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Jeremy Bailenson

of Virtual Human Interaction Lab

Jeremy Bailenson is founding director of Stanford University’s Virtual Human Interaction Lab, Thomas More Storke Professor in the Department of Communication, Professor (by courtesy) of Education, Professor (by courtesy) Program in Symbolic Systems, a Senior Fellow at the Woods Institute for the Environment, and a Faculty Leader at Stanford’s Center for Longevity. He earned a B.A. cum laude from the University of Michigan in 1994 and a Ph.D. in cognitive psychology from Northwestern University in 1999. He spent four years at the University of California, Santa Barbara as a Post-Doctoral Fellow and then an Assistant Research Professor.

Bailenson studies the psychology of Virtual Reality (VR), in particular how virtual experiences lead to changes in perceptions of self and others. His lab builds and studies systems that allow people to meet in virtual space, and explores the changes in the nature of social interaction. His most recent research focuses on how VR can transform education, environmental conservation, empathy, and health.

He has published more than 100 academic papers, in interdisciplinary journals such as Science and PLoS One, as well domain-specific journals in the fields of communication, computer science, education, environmental science, law, marketing, medicine, political science, and psychology. His work has been continuously funded by the National Science Foundation for 15 years, and he receives grants from the National Institutes of Health, the Office of Naval Research, DARPA, various nonprofit foundations, and corporations based in Silicon Valley and abroad. He is the recipient of the Dean’s Award for Distinguished Teaching at Stanford.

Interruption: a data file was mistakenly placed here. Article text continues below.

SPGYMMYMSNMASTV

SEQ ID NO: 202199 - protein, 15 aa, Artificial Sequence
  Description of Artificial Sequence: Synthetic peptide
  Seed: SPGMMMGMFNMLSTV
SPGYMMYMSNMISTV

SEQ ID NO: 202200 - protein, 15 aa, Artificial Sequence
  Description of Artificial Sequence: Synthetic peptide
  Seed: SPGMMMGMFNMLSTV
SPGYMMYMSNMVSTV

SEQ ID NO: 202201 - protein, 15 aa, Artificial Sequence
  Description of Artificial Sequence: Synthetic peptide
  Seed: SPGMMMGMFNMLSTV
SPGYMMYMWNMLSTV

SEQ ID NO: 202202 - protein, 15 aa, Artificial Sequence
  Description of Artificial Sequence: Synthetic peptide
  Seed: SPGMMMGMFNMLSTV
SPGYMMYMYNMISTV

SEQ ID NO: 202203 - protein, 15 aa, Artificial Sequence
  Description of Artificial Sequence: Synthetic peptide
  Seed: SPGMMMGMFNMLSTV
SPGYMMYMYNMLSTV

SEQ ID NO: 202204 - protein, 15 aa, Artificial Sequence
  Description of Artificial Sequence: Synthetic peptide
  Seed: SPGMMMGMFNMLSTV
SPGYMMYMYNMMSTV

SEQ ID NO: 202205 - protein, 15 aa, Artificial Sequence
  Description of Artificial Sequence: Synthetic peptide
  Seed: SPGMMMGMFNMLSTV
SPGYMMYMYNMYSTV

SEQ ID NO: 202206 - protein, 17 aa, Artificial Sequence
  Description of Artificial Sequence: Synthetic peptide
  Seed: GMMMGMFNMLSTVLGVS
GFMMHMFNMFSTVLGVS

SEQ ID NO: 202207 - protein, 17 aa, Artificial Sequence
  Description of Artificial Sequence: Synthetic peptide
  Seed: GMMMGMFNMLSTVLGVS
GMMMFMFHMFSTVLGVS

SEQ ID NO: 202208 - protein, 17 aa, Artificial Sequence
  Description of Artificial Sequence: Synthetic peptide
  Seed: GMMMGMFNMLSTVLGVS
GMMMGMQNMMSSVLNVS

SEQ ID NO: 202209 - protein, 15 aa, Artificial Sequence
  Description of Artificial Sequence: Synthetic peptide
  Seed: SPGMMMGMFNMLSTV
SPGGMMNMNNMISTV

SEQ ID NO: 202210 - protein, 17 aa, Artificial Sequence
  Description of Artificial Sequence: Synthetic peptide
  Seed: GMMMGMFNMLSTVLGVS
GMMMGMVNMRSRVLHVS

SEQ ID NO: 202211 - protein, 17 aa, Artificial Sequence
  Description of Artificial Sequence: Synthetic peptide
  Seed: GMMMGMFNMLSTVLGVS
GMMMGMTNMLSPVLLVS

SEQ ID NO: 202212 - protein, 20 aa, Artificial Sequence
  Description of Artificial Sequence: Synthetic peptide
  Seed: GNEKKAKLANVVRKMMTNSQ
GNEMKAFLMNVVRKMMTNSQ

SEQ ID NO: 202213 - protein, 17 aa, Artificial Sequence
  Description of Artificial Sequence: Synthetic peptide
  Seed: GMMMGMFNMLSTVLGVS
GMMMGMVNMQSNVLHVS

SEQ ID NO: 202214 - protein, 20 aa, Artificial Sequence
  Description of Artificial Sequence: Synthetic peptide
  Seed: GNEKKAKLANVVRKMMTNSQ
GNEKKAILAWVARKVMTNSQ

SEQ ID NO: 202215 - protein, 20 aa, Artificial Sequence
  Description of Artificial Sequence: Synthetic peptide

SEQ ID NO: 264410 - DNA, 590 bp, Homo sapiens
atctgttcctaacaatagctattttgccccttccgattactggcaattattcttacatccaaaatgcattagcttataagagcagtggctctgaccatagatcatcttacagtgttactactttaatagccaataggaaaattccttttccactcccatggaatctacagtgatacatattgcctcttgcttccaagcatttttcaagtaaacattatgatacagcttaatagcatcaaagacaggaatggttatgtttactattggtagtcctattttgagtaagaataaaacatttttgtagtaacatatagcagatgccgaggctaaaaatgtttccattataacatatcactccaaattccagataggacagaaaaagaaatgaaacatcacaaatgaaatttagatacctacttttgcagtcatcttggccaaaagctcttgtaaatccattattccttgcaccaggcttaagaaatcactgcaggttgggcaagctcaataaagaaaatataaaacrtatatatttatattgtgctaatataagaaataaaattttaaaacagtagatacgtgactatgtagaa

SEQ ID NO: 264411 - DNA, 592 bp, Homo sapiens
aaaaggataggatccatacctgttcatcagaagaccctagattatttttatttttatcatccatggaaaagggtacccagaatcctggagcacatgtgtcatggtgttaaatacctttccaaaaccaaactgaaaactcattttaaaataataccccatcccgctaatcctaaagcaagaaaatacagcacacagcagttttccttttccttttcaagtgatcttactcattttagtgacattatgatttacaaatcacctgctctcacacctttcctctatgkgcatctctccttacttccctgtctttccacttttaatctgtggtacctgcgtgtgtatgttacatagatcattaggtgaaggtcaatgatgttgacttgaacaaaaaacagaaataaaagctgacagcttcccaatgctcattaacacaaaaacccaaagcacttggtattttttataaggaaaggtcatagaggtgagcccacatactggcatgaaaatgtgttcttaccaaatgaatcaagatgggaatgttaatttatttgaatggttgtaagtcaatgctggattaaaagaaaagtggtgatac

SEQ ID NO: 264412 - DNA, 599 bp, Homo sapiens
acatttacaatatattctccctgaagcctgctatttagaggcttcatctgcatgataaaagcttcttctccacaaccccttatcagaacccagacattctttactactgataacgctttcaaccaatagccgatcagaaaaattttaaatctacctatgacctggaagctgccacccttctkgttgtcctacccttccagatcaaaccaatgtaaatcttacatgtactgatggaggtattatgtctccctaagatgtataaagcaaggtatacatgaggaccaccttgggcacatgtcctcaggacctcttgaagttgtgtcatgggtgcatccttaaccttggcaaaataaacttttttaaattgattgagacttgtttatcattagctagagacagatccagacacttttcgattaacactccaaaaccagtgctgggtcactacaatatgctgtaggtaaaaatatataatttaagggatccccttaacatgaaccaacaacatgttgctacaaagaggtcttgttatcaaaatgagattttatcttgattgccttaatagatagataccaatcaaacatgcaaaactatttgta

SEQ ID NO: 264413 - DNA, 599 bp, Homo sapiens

He has written opinion pieces for The Washington Post, Slate, The San Francisco Chronicle, and The Chronicle of Higher Education, and has produced three VR documentary experiences which were official selections at the Tribeca Film Festival in 2016 and 2017.

His new book, “Experience on Demand” will be published by Norton in January.

Watch Charlie Rose interview Jeremy Bailenson about human behavior and virtual reality.

Virtual Reality can help politicians make responsible decisions about the environment

There’s been no shortage of apocalyptic images lately, from massive hurricanes in the Caribbean and Texas to California’s deadliest wildfires ever. Scientists say global warming has magnified the impact of disasters like these. Still, some legislators deny the impact of climate change or oppose any restrictions on carbon emissions. I’ve long said that if a picture is worth a thousand words, then a virtual reality experience is worth 1,000 pictures. Could virtual reality change their minds?